You probably have a website. Has your philosophy for it evolved with the times? Contemporary websites offer more than just information about your company, contact information, and your product offerings. They now provide resources for solving customer problems, can be hubs for social activity, and, most importantly, are rich with fresh and engaging content that is regularly updated so that visitors will frequently return. Content strategy, then, begins with the question: What’s the point of your website?
Many business owners think that the purpose of their website is self-evident, that the questions “Why do you have a website?” and “Why do you produce web content?” are rhetorical ones that don’t need answering. I think just the opposite. Businesses must answer these questions first and foremost.
What Do You Want To Accomplish?
When our clients come to us for help with their content strategy, we ask them right off the bat what they want to accomplish. Sometimes, our clients don’t have the best answer. They tell us things like, “We know that content is king, so we need to add more content.” Or, “Our competitors are putting some really great things on the web so we need to too.” While both answers contain truth, they miss the mark when it comes to the strategy. We tell our clients that the question is actually quite simple, but the answer is not. Organizations should develop a content strategy because:
- Web content provides the customer with clean, logical access to products and services and should funnel them to the site’s conversion pages.
- Web content provides information that answers some of the toughest problems customers face.
- Web content positions the organization as the trusted expert in its industry.
Notice that the purpose of your web content centers on the customer’s experience. Just like keyword research attempts to identify what your customers are searching for in your industry, your website can provide the answer to those searches. A smart content strategy begins with understanding what the customer needs rather than what you want to offer them.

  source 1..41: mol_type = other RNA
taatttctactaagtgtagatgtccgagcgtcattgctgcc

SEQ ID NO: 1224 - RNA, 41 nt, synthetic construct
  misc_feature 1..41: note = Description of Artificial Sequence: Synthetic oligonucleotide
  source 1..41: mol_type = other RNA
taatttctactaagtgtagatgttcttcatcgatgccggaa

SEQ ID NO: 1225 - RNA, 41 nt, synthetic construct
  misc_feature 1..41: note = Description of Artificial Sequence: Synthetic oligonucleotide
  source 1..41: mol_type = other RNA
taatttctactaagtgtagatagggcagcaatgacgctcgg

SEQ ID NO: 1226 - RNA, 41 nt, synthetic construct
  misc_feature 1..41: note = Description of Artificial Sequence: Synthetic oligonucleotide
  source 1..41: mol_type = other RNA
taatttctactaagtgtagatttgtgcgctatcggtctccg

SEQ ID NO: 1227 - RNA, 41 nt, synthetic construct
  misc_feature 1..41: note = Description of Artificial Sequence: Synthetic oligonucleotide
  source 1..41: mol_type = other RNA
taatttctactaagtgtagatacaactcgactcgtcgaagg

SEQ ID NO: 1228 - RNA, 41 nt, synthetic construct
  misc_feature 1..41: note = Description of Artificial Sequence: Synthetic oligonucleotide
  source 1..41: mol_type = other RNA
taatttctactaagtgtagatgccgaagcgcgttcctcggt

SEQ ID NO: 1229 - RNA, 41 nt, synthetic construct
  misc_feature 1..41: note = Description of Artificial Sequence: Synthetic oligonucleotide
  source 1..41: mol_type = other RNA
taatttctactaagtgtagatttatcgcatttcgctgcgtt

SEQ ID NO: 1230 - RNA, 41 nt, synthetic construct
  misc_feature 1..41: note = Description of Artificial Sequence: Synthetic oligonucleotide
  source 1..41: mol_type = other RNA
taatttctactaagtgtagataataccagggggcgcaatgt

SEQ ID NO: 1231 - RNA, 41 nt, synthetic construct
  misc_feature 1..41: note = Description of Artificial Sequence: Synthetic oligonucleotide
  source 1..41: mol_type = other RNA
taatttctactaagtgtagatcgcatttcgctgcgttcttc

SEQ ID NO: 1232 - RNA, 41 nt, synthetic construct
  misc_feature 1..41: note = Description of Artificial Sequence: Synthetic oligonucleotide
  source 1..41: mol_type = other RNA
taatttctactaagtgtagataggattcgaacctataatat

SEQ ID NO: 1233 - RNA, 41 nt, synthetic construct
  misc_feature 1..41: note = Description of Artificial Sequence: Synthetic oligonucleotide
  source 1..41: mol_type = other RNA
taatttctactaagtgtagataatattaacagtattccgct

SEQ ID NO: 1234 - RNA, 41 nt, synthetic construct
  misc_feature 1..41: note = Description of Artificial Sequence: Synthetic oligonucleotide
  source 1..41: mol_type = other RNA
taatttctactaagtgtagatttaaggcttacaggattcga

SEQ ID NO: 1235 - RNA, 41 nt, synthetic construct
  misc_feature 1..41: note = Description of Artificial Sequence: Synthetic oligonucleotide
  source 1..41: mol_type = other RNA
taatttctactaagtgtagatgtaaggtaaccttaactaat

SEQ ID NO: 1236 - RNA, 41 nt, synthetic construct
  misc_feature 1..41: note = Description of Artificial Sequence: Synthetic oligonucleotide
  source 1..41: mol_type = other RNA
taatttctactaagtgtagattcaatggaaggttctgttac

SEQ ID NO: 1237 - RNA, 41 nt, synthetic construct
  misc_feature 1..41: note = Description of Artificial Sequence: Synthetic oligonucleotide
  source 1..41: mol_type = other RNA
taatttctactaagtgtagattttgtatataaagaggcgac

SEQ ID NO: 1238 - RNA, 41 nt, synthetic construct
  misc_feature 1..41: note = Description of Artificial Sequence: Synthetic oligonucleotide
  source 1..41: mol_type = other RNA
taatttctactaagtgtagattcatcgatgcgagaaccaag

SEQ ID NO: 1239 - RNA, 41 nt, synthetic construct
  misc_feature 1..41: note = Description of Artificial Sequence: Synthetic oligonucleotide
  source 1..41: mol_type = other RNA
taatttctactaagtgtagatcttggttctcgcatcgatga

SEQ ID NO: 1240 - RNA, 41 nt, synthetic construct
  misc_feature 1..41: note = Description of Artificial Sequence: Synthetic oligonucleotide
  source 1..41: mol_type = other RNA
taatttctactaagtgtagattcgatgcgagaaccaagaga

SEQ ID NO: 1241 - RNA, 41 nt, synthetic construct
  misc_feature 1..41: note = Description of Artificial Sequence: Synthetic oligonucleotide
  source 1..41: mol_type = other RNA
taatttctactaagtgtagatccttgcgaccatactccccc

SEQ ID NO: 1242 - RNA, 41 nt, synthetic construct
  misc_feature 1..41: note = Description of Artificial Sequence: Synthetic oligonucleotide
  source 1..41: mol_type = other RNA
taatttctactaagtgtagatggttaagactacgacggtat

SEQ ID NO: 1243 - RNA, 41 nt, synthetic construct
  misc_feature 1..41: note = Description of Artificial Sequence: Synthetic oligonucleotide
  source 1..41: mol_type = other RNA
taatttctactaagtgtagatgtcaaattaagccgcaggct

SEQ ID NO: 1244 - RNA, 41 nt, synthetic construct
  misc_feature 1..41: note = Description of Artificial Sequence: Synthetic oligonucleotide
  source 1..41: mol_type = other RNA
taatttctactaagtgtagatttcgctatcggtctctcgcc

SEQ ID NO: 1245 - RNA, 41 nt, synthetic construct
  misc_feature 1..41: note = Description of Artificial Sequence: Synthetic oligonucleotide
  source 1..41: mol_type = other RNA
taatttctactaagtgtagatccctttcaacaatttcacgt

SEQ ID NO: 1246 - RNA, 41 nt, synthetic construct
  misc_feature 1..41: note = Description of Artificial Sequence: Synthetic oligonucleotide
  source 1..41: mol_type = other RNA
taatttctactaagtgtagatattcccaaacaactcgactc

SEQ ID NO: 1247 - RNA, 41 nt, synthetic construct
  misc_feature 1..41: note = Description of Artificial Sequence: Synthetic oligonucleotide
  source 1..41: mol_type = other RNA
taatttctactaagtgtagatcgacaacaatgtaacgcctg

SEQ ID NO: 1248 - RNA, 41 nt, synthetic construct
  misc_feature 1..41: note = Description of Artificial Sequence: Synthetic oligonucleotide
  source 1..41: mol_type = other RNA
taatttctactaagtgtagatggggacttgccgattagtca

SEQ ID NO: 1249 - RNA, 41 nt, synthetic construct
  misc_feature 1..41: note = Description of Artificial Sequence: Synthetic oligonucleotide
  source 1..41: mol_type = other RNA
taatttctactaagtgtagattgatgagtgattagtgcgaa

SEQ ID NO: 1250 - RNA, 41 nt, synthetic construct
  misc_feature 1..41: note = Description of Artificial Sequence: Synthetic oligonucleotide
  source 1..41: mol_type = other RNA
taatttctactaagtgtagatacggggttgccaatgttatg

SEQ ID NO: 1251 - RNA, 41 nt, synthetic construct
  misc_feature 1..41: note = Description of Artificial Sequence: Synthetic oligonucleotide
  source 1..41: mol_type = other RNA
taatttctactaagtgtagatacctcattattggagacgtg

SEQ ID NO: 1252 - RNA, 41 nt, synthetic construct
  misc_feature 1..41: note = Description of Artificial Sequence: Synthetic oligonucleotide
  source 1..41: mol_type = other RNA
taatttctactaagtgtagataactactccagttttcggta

In order for your content to deliver, you need a strategy with specific objectives that guides your content creation. By implementing measurable goals, you will be able to assess the success of your various projects and discover what’s working for you and what’s not. You need to consider the measurable objectives that will drive your content development.
The objectives for your content apply both at the macro level for your whole content enterprise, and at the micro level for each individual piece of content. Your content will be working for you when it:
- Develops and increases your brand awareness
- Generates traffic to your site and garners new customer leads or sales
- Enhances your online reputation
- Encourages natural links and optimizes your search engine rankings
- Increases your competitive advantage
When you produce any single piece of content, it should accomplish one or more of these goals, and the sum total of all your content should accomplish all of them. An investment in a content marketing strategy is largely a matter of time and effort, and you want to be sure that every minute you devote to creating content yields a product that works to your advantage. By basing your content creation on your main objectives, your content development campaign will be much more efficient, maximizing the return on your investment.